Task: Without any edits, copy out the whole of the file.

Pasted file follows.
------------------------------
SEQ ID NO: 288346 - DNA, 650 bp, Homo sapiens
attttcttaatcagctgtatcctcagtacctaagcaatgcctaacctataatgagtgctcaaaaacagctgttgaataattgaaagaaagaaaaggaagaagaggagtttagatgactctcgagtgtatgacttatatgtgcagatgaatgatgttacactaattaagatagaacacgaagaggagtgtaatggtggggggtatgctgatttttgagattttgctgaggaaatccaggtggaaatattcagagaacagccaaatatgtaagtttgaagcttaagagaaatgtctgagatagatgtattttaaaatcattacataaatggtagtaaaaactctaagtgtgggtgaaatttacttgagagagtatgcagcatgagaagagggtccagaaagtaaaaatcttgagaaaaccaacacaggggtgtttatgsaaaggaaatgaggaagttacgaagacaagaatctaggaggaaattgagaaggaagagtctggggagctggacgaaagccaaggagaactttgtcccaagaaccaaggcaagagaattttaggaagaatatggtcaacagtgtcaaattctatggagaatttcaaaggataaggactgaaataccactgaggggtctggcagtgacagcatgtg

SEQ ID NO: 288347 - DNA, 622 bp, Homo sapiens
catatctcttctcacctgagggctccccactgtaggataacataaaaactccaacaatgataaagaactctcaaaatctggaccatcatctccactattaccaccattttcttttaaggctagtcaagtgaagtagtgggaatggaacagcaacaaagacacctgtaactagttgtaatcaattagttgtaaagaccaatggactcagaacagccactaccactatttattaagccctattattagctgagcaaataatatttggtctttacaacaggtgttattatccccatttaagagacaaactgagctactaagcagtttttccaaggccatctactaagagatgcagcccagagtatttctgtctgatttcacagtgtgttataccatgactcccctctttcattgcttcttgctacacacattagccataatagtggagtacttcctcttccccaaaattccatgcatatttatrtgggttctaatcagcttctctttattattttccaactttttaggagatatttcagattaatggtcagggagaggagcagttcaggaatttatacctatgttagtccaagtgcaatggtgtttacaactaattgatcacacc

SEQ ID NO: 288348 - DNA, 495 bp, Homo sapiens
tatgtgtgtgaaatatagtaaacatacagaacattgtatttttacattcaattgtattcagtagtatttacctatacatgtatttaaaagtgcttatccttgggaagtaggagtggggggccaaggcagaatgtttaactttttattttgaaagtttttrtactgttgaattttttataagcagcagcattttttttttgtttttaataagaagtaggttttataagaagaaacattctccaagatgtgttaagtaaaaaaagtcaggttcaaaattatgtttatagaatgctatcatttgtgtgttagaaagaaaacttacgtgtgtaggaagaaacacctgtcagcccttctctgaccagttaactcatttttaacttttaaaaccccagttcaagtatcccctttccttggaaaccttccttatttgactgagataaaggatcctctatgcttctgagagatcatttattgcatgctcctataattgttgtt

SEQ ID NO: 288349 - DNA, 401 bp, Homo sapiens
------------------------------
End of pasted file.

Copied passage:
SEQ ID NO: 288346 - DNA, 650 bp, Homo sapiens
attttcttaatcagctgtatcctcagtacctaagcaatgcctaacctataatgagtgctcaaaaacagctgttgaataattgaaagaaagaaaaggaagaagaggagtttagatgactctcgagtgtatgacttatatgtgcagatgaatgatgttacactaattaagatagaacacgaagaggagtgtaatggtggggggtatgctgatttttgagattttgctgaggaaatccaggtggaaatattcagagaacagccaaatatgtaagtttgaagcttaagagaaatgtctgagatagatgtattttaaaatcattacataaatggtagtaaaaactctaagtgtgggtgaaatttacttgagagagtatgcagcatgagaagagggtccagaaagtaaaaatcttgagaaaaccaacacaggggtgtttatgsaaaggaaatgaggaagttacgaagacaagaatctaggaggaaattgagaaggaagagtctggggagctggacgaaagccaaggagaactttgtcccaagaaccaaggcaagagaattttaggaagaatatggtcaacagtgtcaaattctatggagaatttcaaaggataaggactgaaataccactgaggggtctggcagtgacagcatgtg

SEQ ID NO: 288347 - DNA, 622 bp, Homo sapiens
catatctcttctcacctgagggctccccactgtaggataacataaaaactccaacaatgataaagaactctcaaaatctggaccatcatctccactattaccaccattttcttttaaggctagtcaagtgaagtagtgggaatggaacagcaacaaagacacctgtaactagttgtaatcaattagttgtaaagaccaatggactcagaacagccactaccactatttattaagccctattattagctgagcaaataatatttggtctttacaacaggtgttattatccccatttaagagacaaactgagctactaagcagtttttccaaggccatctactaagagatgcagcccagagtatttctgtctgatttcacagtgtgttataccatgactcccctctttcattgcttcttgctacacacattagccataatagtggagtacttcctcttccccaaaattccatgcatatttatrtgggttctaatcagcttctctttattattttccaactttttaggagatatttcagattaatggtcagggagaggagcagttcaggaatttatacctatgttagtccaagtgcaatggtgtttacaactaattgatcacacc

SEQ ID NO: 288348 - DNA, 495 bp, Homo sapiens
tatgtgtgtgaaatatagtaaacatacagaacattgtatttttacattcaattgtattcagtagtatttacctatacatgtatttaaaagtgcttatccttgggaagtaggagtggggggccaaggcagaatgtttaactttttattttgaaagtttttrtactgttgaattttttataagcagcagcattttttttttgtttttaataagaagtaggttttataagaagaaacattctccaagatgtgttaagtaaaaaaagtcaggttcaaaattatgtttatagaatgctatcatttgtgtgttagaaagaaaacttacgtgtgtaggaagaaacacctgtcagcccttctctgaccagttaactcatttttaacttttaaaaccccagttcaagtatcccctttccttggaaaccttccttatttgactgagataaaggatcctctatgcttctgagagatcatttattgcatgctcctataattgttgtt

SEQ ID NO: 288349 - DNA, 401 bp, Homo sapiens